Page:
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Navigation programming for Responsive Web Design?

Posted on 2013-01-15
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Last Modified: 2013-11-19
Hello all,

At the outset of a website design process.  Trying to plan for future mobile delivery.  

Looking at Responsive Web Design as the design framework ( http://www.alistapart.com/articles/responsive-web-design/ )

Question - if the idea of Responsive Web Design is that the same web page can be displayed on just about any and all platforms, PC or mobile, then what about the programming behind the navigation system?

A classic dhtml drop-down menu built for PCs is not going to work properly on most mobile devices.  And the stripped-down navigation usually necessary for mobiles is going to look horible and be a waste on PCs.

What is the design strategy regarding navigation technology for Responsive Web Design?

Thanks.
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Question by:xfvgdrthbdtyvhgscv
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by:COBOLdinosaur
ID: 38779405
There is no way to do one layout fits all without compromising.  The best results I have seen from so call Responsive design in marginally usable presentation across multiple platforms.  The site that are good on all platforms are doing platform specific coding and delivering common content with device specific templates.  

The operating systems and browsers on mobile have huge differences, and none of them is fully compliant with the standards on pc browsers, so expecting any single approach to work for everything is a fool's dream.

The best approach is to target a platform develop for it, and then role out to additional platforms by enhancing the original code-base.

Cd&
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by:xfvgdrthbdtyvhgscv
ID: 38780253
CD - thanks for the reply.

The site that are good on all platforms are doing platform specific coding and delivering common content with device specific templates.  

By that do you mean browser or device sniffing through http headers, server side, then dynamic server-side integration of content into browser or device-specific templates with the appropriate css and/or Javascript?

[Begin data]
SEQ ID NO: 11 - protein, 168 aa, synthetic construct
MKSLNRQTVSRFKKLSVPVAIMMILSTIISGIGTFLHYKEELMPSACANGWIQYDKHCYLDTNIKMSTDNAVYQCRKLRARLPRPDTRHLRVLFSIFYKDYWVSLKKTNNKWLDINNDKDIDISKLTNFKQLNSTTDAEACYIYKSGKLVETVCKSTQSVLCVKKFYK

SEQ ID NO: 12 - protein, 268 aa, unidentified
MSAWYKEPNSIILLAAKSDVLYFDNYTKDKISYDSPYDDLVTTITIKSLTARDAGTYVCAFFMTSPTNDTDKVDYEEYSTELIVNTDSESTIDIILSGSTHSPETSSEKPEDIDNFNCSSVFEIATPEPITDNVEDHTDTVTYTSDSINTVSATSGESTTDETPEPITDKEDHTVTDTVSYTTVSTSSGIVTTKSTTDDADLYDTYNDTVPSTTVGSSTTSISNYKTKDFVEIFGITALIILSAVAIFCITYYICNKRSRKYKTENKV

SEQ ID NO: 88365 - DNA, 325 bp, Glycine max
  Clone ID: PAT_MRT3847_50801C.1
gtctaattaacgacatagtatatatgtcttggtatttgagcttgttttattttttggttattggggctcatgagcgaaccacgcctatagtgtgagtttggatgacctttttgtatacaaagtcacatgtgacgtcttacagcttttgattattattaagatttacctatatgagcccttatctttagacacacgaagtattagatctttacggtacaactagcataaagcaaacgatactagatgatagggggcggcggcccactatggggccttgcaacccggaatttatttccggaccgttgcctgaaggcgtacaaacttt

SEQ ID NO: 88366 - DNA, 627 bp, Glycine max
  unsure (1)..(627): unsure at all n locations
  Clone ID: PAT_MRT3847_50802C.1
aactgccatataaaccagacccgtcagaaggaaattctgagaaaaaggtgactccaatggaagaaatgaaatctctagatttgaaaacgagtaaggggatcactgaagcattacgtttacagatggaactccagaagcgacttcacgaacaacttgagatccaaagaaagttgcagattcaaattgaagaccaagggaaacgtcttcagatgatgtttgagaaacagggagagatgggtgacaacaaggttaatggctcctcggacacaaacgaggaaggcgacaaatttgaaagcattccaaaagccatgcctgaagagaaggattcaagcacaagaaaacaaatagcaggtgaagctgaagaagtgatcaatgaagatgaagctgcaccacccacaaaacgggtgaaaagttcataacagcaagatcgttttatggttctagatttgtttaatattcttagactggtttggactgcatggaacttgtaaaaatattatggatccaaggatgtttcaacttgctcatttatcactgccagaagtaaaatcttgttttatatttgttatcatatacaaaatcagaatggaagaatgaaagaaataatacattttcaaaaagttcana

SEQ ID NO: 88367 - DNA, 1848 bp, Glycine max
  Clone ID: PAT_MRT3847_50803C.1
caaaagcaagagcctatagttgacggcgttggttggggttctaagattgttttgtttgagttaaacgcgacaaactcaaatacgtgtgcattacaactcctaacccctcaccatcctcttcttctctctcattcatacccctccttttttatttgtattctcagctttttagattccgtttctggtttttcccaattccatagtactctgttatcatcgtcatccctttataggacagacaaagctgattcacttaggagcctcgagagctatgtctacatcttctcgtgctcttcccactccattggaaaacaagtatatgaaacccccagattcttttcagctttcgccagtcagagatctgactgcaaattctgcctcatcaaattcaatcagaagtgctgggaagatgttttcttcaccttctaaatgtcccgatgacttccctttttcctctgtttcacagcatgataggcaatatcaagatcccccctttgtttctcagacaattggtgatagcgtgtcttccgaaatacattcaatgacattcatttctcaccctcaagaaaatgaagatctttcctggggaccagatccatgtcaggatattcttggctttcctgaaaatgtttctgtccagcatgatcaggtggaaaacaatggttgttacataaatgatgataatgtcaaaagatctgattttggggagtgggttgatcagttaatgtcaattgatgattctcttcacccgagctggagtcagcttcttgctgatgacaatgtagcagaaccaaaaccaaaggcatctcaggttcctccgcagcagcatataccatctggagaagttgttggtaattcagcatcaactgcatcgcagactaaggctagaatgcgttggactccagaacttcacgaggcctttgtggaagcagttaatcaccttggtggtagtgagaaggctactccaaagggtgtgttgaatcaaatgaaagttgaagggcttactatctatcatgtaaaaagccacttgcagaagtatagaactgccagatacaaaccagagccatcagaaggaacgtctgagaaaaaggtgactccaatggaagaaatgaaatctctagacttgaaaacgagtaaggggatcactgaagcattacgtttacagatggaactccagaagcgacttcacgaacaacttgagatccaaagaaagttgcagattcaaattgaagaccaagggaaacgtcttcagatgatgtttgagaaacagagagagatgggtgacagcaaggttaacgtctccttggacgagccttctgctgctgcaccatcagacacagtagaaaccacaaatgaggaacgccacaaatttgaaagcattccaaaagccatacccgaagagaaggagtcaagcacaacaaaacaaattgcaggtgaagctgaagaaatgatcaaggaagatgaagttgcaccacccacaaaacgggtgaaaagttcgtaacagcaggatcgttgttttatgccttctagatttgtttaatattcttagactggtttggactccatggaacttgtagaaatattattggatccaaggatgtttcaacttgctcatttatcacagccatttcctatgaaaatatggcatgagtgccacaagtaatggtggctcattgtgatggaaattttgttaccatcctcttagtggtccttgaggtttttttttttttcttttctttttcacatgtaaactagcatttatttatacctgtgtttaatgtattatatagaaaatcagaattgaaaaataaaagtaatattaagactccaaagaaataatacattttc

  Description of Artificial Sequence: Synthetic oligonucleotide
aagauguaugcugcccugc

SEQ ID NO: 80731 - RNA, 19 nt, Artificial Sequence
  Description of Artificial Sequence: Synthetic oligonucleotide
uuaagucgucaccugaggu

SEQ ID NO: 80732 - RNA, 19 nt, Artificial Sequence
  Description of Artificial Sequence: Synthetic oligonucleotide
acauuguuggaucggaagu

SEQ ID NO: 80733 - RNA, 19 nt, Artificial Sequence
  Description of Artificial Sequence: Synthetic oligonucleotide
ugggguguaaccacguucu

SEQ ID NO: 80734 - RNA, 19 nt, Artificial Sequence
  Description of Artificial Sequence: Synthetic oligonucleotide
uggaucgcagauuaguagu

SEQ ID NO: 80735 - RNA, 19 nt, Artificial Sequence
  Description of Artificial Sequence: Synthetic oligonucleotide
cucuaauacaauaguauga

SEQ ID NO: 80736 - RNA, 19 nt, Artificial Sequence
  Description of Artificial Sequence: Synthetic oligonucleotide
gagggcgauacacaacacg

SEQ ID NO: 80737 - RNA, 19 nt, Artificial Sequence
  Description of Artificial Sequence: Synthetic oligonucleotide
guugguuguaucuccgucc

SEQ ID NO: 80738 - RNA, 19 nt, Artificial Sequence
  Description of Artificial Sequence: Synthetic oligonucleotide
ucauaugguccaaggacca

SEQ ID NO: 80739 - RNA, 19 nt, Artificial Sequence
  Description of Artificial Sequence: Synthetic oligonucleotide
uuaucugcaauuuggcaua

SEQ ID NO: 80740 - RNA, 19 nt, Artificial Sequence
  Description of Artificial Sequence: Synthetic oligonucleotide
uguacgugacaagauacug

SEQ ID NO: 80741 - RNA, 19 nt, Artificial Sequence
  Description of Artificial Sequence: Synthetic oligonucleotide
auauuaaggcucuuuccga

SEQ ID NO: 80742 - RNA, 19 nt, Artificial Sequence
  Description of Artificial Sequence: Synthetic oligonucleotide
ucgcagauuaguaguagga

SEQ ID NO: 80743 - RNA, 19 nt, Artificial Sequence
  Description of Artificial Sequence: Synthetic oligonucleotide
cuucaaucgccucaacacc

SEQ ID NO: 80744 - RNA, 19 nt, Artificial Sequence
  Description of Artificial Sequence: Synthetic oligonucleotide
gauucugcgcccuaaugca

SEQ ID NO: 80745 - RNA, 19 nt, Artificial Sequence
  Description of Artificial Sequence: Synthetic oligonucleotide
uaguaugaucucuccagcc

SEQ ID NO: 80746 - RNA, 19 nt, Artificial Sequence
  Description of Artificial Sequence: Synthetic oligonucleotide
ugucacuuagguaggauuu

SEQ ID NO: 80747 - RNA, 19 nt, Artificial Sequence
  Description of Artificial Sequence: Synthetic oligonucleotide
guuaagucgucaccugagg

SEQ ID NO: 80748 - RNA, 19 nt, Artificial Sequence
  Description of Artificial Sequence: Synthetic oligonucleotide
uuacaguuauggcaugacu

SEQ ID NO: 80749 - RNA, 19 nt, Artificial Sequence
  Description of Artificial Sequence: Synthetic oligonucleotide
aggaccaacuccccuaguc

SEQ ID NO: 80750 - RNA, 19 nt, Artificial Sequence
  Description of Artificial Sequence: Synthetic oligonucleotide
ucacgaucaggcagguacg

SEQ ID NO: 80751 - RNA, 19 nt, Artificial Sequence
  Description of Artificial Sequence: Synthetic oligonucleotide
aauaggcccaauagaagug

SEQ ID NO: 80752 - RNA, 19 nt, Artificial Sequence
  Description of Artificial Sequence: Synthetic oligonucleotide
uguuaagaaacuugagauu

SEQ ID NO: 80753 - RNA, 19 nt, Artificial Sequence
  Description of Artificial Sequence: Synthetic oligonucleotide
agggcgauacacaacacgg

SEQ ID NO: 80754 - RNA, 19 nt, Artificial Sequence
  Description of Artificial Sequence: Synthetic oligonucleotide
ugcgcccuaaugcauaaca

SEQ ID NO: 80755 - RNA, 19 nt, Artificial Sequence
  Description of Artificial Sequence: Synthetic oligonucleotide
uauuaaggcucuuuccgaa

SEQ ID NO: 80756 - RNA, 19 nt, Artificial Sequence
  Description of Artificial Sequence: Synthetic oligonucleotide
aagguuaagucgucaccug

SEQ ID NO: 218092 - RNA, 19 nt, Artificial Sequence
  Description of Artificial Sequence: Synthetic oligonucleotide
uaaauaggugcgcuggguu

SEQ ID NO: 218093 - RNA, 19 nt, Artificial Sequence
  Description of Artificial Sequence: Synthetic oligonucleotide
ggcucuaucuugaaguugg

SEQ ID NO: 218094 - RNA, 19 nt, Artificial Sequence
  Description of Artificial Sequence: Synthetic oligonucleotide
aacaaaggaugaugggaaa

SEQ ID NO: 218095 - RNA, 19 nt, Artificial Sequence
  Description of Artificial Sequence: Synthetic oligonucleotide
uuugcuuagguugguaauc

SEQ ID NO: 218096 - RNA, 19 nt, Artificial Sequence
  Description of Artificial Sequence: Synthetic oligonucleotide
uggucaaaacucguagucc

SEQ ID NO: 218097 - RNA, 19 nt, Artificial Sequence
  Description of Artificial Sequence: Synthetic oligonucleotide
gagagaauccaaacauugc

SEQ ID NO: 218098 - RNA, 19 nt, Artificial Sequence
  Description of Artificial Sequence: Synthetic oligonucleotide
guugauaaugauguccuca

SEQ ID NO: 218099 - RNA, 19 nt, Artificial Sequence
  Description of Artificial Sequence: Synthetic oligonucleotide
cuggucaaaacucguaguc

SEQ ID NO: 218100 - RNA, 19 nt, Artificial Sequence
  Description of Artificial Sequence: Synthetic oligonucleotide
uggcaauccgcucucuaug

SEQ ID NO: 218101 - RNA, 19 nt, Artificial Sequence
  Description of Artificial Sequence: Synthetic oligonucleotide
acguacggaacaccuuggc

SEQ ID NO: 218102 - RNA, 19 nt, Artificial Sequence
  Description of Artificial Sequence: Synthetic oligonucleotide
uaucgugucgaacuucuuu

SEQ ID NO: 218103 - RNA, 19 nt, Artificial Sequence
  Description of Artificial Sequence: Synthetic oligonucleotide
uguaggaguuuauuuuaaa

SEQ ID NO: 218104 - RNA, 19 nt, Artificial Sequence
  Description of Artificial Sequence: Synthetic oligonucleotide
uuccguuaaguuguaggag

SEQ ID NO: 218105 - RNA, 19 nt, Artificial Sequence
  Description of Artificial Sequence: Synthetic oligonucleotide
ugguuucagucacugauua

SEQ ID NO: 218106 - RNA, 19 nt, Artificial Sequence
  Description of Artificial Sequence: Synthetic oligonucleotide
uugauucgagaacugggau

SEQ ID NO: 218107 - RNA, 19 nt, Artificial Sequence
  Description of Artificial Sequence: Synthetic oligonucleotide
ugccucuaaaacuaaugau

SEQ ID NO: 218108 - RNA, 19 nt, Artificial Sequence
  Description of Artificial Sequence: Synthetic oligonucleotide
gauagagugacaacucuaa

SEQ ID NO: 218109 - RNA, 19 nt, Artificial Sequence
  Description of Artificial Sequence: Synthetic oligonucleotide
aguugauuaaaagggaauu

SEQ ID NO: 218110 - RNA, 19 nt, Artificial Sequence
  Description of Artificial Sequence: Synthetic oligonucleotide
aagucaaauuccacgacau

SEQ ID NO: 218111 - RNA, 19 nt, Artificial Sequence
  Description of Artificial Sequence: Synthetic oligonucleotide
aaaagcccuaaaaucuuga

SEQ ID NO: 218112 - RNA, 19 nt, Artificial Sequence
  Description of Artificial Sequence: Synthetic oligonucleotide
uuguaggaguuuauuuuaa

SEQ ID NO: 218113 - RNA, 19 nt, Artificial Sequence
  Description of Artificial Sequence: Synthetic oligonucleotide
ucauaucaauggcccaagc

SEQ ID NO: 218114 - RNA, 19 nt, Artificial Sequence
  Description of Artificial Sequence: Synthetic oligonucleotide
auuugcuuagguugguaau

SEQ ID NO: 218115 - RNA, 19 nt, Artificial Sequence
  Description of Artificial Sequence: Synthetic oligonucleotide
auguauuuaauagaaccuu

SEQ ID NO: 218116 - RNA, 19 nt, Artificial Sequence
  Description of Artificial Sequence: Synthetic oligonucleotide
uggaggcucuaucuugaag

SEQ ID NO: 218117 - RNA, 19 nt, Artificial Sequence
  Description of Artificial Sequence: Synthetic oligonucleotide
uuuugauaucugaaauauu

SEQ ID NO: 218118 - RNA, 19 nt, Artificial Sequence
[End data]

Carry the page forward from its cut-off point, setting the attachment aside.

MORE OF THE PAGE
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COBOLdinosaur earned 2000 total points
ID: 38780400
Pretty much yes. The biggest problem with trying to keep up with the number of new devices, OS upgrades, and browser upgrades.  

With a good separation of content and presentation as the critic base requirement; the real challenge is testing.  Emulators are limited, and always behind the curve.  It is just not possible to have every possible combination of device/os/browser.  So, you start somewhere and build the content with zero presentation, then you develop the necessary presentation to support the first group you want to target; and roll out across other platforms as resources permit.  There is no way a small organization is going to be able to keep up with everything.  The big sites can have dedicated resources for each platform, so some times there is a shortcut by looking at what they are doing.

I'm not just talking about looking at their code, but also how they resolve bit support holes that require very different approaches across platforms.  Do you degrade in a friendly manner, or do alternative coding? Support a feature available on very few platforms, or do the coding?

You will go nuts if you want to support everything. So prioritize and work down through the list until you get to the point where adding more platforms can only be done by sacrificing support for platforms you are already on.

Cd&
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